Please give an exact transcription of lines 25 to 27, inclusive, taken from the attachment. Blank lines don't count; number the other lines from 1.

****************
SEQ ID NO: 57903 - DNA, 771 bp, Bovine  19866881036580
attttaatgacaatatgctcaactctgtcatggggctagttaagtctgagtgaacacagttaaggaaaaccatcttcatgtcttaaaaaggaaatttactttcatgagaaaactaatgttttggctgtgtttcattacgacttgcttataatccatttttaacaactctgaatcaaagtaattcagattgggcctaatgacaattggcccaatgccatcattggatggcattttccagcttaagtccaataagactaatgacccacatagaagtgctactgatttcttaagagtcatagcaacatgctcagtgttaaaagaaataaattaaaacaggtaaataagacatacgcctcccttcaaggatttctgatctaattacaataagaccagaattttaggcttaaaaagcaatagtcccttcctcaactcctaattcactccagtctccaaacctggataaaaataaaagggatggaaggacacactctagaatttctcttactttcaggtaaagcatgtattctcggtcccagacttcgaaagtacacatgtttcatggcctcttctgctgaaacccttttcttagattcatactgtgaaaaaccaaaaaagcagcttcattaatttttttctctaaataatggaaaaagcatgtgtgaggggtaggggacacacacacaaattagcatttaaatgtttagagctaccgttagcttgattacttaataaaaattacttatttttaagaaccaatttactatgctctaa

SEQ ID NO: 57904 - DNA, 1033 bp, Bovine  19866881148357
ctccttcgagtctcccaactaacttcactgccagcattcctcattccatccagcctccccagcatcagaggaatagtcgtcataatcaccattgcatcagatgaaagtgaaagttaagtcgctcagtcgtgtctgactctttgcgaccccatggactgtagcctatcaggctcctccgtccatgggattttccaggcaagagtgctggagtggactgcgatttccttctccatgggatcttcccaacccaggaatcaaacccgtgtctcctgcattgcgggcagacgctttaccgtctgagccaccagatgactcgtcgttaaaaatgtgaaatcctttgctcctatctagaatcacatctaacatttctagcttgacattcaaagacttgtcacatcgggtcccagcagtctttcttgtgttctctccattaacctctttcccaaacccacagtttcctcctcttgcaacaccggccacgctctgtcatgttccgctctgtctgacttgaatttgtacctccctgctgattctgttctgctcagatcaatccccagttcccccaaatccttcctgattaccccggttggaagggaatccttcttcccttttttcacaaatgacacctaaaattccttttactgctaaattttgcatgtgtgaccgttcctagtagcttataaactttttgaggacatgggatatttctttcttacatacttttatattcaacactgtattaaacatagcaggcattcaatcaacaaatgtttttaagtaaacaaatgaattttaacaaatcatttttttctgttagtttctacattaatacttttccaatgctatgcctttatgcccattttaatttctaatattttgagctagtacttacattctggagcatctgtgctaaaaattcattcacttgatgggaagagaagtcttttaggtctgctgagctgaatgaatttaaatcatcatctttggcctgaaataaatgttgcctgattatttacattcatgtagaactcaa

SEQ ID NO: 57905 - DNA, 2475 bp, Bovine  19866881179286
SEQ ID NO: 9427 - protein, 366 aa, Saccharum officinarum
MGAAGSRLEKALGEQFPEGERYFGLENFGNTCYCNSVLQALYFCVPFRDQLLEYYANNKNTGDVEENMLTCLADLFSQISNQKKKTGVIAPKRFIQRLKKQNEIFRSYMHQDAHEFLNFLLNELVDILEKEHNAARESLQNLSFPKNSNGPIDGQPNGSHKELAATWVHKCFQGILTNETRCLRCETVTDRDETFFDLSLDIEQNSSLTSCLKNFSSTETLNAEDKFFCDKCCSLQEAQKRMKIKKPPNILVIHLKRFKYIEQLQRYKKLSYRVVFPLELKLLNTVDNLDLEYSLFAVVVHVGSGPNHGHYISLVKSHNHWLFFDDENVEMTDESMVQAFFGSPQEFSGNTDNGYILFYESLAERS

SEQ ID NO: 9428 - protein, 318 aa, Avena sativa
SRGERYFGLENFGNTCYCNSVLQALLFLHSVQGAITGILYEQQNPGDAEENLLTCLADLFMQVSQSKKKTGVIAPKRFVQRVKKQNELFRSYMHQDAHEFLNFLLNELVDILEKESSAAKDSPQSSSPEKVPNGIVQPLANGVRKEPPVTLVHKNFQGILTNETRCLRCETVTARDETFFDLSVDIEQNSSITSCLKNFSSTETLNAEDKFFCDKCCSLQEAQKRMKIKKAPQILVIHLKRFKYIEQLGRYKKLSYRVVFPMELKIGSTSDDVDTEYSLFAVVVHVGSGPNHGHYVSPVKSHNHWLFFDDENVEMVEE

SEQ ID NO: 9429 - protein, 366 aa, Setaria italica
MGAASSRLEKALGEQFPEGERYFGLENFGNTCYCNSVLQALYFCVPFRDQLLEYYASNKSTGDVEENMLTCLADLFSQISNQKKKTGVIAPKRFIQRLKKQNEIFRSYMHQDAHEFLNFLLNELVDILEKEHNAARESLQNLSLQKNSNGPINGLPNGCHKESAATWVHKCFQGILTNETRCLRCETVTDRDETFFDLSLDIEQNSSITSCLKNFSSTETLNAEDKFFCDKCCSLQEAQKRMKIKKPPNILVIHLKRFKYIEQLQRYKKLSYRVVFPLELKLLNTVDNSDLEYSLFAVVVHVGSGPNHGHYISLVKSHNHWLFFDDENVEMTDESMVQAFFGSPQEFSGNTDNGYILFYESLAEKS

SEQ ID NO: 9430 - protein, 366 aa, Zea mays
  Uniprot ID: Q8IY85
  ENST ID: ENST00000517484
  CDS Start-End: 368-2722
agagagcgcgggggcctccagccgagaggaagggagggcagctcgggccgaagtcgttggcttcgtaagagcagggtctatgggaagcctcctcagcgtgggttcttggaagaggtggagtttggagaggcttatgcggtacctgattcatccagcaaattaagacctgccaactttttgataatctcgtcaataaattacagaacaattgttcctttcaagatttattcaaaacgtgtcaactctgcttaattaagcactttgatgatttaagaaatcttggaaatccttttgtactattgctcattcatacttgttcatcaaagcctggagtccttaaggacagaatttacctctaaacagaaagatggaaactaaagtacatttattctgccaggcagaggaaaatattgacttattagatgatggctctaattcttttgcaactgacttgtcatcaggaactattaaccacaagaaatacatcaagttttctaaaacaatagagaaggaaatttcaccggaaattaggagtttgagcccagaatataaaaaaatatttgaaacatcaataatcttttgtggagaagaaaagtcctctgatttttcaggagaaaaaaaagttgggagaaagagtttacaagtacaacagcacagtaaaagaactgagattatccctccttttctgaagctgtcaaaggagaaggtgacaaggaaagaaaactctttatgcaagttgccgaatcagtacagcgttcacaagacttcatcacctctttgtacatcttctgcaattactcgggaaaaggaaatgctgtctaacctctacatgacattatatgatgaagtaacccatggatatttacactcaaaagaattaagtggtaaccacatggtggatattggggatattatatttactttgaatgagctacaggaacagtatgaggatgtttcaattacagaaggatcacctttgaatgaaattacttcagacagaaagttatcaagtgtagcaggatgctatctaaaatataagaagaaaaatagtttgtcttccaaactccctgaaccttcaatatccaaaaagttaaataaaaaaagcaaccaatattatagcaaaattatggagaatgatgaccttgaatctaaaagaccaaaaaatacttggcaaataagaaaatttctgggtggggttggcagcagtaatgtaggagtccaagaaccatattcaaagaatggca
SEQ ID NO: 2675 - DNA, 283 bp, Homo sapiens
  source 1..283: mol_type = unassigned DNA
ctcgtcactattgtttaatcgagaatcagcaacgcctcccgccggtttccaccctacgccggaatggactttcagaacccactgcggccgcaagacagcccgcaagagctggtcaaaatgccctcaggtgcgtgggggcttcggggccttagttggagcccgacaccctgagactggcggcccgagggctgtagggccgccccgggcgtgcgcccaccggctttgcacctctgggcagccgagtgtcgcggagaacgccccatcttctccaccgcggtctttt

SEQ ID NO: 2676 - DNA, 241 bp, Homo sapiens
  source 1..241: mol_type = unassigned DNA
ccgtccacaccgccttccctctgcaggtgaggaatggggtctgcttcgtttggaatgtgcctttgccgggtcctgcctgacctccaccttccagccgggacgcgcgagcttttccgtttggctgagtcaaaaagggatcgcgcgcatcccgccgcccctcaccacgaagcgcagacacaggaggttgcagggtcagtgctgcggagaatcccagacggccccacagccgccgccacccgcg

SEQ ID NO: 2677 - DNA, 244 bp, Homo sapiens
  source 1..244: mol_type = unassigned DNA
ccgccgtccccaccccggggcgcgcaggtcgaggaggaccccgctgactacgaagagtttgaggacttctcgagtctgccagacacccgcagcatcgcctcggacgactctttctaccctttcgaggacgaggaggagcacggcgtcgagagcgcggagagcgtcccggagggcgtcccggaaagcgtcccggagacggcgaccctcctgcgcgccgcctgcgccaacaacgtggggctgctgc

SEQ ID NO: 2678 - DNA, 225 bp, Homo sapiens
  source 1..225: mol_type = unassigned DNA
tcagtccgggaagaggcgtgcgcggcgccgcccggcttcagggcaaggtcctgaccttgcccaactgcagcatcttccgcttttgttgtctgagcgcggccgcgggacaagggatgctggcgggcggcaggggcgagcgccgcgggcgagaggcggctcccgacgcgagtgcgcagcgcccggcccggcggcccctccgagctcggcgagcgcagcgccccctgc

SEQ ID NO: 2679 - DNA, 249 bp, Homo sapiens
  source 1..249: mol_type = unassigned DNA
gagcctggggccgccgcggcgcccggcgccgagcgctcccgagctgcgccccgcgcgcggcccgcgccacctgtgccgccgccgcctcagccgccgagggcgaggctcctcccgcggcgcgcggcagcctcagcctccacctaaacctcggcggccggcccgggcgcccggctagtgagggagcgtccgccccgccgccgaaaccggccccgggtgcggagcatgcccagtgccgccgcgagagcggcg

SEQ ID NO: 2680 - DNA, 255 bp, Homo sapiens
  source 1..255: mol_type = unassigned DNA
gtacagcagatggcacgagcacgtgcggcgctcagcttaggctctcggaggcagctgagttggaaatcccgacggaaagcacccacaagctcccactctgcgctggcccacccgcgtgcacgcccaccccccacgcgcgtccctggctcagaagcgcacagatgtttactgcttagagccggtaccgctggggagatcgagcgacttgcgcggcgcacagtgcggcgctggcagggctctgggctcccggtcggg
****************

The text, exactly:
ccgccgtccccaccccggggcgcgcaggtcgaggaggaccccgctgactacgaagagtttgaggacttctcgagtctgccagacacccgcagcatcgcctcggacgactctttctaccctttcgaggacgaggaggagcacggcgtcgagagcgcggagagcgtcccggagggcgtcccggaaagcgtcccggagacggcgaccctcctgcgcgccgcctgcgccaacaacgtggggctgctgc

SEQ ID NO: 2678 - DNA, 225 bp, Homo sapiens
  source 1..225: mol_type = unassigned DNA